(Reuters) – U.S.-listed Freedom Holding Corp, a financial services firm focused on East Europe and Central Asia, will sell its Russian arm to the company’s founder Timur Turlov in the second quarter.
Relations between Moscow and the West have worsened markedly since Feb. 24 when Russia sent tens of thousands of troops into Ukraine in what the Kremlin calls “a special military operation.” The move prompted unprecedented western sanctions that hammered Russia’s financial markets and the economy.
Turlov, Freedom Holding Corp’s 34-year-old founder and chief executive, said in an interview with Reuters he will buy Russia-based Freedom Finance from the U.S. holding company as political tensions and related restrictions take their toll.
“This is being done so the Russian company can continue to independently carry out business in Russia,” said Turlov.
“Today we do not see the possibility to keep the Russian business inside the U.S. holding due to the ban on any investment in Russia for U.S. residents as well as due to a large number of restrictions for deals with non-friendly non-residents.”
In the first phase of the deal, Turlov will buy the Russian business as individual in the transaction that envisages swapping $35 million worth of Freedom Finance’s capital in Russia to $35 million of capital of two Kazakstan’s insurance companies that became part of the holding on May 18.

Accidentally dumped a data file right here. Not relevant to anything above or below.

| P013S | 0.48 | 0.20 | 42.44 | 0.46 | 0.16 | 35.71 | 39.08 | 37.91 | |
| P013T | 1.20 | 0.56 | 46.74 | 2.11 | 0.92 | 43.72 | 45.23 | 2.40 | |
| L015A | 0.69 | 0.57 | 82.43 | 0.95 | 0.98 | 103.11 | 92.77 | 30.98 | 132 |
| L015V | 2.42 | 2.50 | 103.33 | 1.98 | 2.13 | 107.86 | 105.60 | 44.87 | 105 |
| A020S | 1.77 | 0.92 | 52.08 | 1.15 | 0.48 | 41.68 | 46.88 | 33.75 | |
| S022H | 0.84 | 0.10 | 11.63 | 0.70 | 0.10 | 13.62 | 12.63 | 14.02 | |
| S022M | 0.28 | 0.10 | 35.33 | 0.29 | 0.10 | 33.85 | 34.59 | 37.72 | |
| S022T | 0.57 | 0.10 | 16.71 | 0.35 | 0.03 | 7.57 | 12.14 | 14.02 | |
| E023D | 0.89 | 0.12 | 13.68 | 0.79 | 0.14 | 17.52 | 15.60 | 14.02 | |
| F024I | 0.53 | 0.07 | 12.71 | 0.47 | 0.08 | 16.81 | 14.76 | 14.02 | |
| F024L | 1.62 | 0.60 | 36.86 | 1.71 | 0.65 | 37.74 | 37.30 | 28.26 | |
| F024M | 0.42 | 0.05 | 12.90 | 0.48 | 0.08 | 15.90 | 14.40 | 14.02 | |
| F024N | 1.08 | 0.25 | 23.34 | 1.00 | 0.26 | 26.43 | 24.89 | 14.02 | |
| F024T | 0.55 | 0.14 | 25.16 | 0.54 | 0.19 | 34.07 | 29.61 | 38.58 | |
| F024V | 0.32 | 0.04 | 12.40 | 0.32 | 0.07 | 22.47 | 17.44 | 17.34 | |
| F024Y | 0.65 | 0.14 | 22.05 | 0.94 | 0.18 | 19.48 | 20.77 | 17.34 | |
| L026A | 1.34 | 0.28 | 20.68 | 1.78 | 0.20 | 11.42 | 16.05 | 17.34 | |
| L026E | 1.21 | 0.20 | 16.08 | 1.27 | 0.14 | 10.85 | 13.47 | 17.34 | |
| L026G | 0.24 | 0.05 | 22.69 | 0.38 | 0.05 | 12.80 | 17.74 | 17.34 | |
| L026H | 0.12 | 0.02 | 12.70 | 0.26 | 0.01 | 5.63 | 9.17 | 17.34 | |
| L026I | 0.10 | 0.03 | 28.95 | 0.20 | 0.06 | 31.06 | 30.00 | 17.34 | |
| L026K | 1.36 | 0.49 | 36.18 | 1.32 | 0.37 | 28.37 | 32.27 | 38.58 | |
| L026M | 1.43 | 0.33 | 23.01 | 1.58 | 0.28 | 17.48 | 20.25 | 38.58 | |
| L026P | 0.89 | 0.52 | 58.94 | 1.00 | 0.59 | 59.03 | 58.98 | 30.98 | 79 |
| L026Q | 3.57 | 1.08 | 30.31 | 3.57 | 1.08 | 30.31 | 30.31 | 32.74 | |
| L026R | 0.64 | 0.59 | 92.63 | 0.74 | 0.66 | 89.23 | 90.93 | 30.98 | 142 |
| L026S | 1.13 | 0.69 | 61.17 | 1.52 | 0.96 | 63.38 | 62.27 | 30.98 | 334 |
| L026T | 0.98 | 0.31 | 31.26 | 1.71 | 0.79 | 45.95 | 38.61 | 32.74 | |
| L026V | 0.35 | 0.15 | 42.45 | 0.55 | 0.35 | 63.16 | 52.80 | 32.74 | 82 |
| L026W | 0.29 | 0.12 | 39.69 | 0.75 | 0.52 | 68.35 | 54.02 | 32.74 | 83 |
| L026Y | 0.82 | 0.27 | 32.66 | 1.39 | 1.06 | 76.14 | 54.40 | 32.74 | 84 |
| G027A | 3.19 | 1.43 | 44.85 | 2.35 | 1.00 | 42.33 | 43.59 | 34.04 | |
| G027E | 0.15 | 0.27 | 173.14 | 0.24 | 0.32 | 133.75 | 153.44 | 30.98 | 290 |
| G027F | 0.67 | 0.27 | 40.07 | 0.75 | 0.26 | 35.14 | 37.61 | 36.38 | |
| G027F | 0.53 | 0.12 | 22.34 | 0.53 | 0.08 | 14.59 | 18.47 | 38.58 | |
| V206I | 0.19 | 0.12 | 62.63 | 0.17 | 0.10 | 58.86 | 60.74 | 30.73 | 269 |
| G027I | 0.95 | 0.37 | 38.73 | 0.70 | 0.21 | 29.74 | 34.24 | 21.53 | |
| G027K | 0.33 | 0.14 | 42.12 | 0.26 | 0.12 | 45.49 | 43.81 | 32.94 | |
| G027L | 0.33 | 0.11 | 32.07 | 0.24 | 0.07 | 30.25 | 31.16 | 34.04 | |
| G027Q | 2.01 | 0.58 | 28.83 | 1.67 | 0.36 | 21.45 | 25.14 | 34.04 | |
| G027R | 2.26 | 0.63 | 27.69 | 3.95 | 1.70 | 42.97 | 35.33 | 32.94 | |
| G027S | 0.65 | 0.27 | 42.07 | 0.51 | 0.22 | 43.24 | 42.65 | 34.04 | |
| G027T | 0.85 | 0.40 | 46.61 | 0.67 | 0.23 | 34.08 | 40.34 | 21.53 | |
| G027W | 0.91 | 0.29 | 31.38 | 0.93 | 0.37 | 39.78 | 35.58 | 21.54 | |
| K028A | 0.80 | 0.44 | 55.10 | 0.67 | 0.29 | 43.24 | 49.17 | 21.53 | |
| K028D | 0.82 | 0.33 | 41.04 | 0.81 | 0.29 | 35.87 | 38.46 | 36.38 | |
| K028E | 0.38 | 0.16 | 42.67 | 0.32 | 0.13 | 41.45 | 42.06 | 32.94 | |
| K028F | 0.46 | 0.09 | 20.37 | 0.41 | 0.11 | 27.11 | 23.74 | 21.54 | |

“The (Russian) business itself will be kept as we have many clients, payments in Russia and an interesting development strategy. But the Russian business will exist independently of the holding company,” Turlov said.
In the future, Freedom Finance, which provides direct access to trading in the U.S. stock market as well as in Moscow and on European bourses, will be rebranded and sold to its Russian top management team, Turlov said.
“But this deal is not on the table yet.”
Freedom Holding Corp, listed on Nasdaq in 2019, has banks in Russia and Kazakhstan. With headquarters in Kazakhstan’s city of Almaty, its unit Freedom Finance is one of Russia’s 10 largest brokerage firms. Freedom Finance has offices in Ukraine, Kyrgyzstan, Uzbekistan and a branch office in Germany.
Turlov said Freedom Finance had around 163,000 clients in Russia as of late March, part of 414,000 clients in the entire holding with own capital of $500 million.
“Today we can say that outside Russia we have more business and clients than in the country.”
The Russian unit recently obtained new clients after Feb. 24 that the company had previously “dreamt about” as the company managed to keep direct access to the U.S. market, Turlov said. But the company will no longer carry out business as before after recent geopolitical developments.
“In our view, there will be new challenges for the Russian market in the near future.”
(Reporting by Reuters; Editing by David Gregorio)